The BC Patient Safety and Quality Council (BCPQC) recently announced its 2018 Quality Awards celebrating individuals, teams and facilities that have improved the quality of care in BC.
We’re excited to announce that BC Women’s Neonatal Intensive Care Unit (NICU) team was named runner up for BCPQC’s 2018 Quality Award for Excellence in Quality: Getting Better. The award celebrates a project that improved care for acute illness or injury.
The team was nominated for the improvement of NICU rounds from an unchanged 25-year practice to a complete overhaul that significantly redesigned areas of teamwork and communication in preparation for the move into the Teck Acute Care Centre.
NICU patient rounds are an important way that care teams collaborate to review patients, share information relevant to specific roles and care tasks to create daily goals for patient care. The goals are to maintain clinical stability and patient safety, and chart a path towards discharge for each patient. With the restructure of the unit in Teck ACC, the team’s objectives were to reduce the total time of rounds, and improve family and staff satisfaction.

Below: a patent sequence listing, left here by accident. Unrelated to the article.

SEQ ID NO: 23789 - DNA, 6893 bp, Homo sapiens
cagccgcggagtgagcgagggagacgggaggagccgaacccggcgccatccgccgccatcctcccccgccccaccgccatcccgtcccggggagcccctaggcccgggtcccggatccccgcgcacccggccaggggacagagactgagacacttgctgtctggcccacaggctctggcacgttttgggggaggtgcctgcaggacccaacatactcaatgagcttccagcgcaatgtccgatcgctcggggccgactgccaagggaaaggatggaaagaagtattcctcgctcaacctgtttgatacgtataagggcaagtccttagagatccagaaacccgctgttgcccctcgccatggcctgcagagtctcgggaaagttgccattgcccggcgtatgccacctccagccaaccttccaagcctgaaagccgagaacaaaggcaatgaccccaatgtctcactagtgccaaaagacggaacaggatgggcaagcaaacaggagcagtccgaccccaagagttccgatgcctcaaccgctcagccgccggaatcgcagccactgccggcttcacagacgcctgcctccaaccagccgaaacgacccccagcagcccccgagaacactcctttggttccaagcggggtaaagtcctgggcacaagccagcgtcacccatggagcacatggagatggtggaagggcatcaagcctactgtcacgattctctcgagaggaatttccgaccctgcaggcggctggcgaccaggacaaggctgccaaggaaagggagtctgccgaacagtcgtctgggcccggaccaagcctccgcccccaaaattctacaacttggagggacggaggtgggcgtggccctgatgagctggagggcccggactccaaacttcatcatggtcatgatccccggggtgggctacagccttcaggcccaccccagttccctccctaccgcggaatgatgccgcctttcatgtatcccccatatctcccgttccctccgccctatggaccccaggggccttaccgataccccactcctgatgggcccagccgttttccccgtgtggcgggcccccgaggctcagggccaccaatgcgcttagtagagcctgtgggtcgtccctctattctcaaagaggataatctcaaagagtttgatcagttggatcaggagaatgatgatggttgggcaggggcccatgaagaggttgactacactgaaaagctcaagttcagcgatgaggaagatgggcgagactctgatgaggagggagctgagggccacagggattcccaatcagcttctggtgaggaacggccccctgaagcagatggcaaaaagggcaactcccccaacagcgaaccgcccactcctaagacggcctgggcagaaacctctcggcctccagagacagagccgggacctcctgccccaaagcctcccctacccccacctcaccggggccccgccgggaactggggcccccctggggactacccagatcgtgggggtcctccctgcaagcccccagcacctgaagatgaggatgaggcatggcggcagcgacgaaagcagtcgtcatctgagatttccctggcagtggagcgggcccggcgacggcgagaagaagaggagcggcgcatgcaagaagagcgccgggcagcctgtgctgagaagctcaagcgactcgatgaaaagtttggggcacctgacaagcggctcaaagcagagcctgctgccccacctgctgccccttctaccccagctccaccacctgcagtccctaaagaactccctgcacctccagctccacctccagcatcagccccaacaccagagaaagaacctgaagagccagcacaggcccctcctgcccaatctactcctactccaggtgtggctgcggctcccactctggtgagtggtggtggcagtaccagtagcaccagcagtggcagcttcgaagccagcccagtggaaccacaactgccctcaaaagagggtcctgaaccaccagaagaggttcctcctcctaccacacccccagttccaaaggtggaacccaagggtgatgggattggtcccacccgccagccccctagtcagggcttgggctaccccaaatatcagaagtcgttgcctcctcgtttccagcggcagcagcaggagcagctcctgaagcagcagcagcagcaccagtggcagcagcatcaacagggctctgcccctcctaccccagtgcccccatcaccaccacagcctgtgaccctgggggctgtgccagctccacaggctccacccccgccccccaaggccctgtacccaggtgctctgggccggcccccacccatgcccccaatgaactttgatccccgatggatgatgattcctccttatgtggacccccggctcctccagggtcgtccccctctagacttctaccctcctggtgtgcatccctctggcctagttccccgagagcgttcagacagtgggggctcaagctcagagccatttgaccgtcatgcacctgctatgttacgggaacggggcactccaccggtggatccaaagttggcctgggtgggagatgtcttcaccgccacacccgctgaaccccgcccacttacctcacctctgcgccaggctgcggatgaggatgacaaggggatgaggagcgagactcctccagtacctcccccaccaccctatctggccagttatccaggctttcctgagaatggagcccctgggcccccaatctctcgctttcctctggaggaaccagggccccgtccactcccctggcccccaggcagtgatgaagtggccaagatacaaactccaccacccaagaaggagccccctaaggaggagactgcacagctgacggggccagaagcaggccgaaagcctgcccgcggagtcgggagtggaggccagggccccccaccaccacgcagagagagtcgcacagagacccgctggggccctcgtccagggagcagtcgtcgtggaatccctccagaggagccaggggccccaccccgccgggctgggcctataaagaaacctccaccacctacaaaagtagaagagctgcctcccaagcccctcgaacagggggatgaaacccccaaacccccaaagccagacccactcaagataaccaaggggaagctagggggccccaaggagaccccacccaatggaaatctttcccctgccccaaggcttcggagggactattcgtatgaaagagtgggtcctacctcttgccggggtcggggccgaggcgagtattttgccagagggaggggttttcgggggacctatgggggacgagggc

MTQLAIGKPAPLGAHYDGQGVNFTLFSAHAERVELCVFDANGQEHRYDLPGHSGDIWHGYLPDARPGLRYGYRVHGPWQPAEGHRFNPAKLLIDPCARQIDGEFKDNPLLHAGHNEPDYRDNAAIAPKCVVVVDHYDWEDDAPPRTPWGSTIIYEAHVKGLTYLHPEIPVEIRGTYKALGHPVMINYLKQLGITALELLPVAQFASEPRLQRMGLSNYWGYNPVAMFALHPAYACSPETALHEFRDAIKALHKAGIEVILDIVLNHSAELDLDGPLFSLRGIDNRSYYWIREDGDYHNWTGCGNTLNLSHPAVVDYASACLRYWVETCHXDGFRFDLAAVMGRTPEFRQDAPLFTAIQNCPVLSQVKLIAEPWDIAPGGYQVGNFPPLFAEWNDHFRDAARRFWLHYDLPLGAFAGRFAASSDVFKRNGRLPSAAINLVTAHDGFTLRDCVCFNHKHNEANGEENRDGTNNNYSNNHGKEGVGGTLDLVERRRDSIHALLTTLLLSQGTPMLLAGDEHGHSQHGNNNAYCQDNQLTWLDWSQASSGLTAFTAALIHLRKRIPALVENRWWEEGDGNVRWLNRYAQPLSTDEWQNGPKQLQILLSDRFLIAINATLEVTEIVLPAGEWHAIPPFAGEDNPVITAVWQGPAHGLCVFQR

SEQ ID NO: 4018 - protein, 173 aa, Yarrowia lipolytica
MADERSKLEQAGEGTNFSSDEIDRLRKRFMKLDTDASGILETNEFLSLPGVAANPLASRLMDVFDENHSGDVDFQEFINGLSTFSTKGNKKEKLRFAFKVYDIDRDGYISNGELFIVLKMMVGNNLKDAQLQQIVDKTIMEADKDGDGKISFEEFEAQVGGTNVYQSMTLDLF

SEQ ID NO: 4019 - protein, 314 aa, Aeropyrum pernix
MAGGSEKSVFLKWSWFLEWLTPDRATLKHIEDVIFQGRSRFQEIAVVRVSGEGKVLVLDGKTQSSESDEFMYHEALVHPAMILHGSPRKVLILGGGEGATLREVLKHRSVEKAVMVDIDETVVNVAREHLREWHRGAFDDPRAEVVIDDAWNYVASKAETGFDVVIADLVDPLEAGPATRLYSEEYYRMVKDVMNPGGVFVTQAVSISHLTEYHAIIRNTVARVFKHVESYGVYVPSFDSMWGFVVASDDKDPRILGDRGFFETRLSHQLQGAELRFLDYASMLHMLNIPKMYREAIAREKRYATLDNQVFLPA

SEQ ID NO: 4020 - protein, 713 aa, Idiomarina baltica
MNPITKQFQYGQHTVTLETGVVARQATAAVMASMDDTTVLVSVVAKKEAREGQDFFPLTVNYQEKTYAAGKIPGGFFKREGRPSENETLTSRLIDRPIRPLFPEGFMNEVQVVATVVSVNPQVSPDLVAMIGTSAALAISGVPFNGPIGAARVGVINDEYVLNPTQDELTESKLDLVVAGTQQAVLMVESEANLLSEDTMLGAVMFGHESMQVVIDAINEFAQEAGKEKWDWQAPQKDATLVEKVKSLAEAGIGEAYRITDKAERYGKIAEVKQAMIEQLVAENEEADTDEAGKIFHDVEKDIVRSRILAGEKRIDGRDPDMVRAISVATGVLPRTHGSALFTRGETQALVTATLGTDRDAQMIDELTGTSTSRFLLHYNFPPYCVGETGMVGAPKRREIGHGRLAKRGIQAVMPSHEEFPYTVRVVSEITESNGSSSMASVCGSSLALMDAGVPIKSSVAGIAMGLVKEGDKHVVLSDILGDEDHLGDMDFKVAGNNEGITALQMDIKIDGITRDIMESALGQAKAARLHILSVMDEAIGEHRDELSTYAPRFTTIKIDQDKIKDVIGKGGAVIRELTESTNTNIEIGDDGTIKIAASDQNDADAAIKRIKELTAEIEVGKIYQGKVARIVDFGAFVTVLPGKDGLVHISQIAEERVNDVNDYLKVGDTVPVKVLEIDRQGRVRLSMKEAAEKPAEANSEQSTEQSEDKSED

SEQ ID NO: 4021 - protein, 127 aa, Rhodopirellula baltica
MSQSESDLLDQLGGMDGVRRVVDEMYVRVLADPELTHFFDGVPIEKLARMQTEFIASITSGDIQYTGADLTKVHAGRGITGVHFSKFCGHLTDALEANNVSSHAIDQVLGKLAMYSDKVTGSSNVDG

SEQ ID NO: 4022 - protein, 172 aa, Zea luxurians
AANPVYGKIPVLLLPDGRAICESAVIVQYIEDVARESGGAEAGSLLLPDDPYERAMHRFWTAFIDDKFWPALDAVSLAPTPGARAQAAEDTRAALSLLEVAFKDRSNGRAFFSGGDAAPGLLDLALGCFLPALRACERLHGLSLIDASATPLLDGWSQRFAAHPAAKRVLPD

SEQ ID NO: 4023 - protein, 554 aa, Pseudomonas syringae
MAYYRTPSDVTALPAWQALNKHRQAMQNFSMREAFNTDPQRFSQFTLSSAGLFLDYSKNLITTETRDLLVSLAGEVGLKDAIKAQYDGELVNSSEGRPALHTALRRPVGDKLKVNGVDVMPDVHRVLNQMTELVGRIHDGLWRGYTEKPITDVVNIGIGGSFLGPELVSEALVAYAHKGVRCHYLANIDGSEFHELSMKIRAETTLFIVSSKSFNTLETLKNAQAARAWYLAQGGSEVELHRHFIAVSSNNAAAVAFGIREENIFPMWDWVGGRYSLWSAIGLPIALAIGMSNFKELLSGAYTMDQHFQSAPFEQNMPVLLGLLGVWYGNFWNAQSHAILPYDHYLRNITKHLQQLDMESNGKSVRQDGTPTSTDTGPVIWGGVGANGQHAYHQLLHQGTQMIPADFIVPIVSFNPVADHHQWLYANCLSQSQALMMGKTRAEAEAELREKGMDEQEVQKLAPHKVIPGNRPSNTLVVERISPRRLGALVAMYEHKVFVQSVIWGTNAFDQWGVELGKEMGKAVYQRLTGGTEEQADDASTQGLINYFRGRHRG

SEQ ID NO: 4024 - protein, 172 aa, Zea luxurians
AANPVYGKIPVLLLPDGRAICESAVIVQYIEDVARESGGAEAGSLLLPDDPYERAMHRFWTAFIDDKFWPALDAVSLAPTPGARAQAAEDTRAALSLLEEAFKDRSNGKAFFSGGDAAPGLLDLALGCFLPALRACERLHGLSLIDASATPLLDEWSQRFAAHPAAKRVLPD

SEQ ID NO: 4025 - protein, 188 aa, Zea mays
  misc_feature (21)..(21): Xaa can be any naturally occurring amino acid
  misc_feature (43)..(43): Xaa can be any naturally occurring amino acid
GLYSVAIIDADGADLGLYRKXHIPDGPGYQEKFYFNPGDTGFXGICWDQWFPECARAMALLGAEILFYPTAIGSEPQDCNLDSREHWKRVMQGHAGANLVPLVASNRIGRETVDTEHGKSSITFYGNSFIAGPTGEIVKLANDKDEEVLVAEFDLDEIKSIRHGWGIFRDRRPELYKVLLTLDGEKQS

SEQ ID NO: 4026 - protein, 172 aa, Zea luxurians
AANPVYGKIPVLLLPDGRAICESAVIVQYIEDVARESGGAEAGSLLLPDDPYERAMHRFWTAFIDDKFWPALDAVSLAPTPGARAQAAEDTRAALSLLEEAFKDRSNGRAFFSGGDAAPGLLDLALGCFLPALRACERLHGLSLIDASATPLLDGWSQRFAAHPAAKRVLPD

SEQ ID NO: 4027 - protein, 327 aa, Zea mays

After a trial period to test changes and gather feedback, the team implemented the following changes:
- Introduce a new situational awareness huddle between neonatologists and clinical nurse leaders at the start of the day to identify the unstable babies that need an early round
- Introduce a rounds preparation period from 9:00-9:45 a.m. that details rounds preparation activities
- Introduce a definitive rounds time from 9:45-11:45 a.m.
- Introduce a model for structured patient reporting to highlight variances/concerns
- Reinforce contingency planning for unstable patients
By outlining clear start times and schedules for rounds activities, the team was able to reliably include parents and families who want to be present. Structured patient reporting was developed with parent feedback to help parents prepare to participate in rounds and articulate their concerns and goals for their babies, improving family satisfaction. Since implementation of changes, the median duration of rounds is 125 minutes, a decrease of 44 per cent.
The team’s efforts to adapting the rounds to a new environment and to actively involve patients in rounds and treatment plans clearly showcase the team's commitment to quality patient care.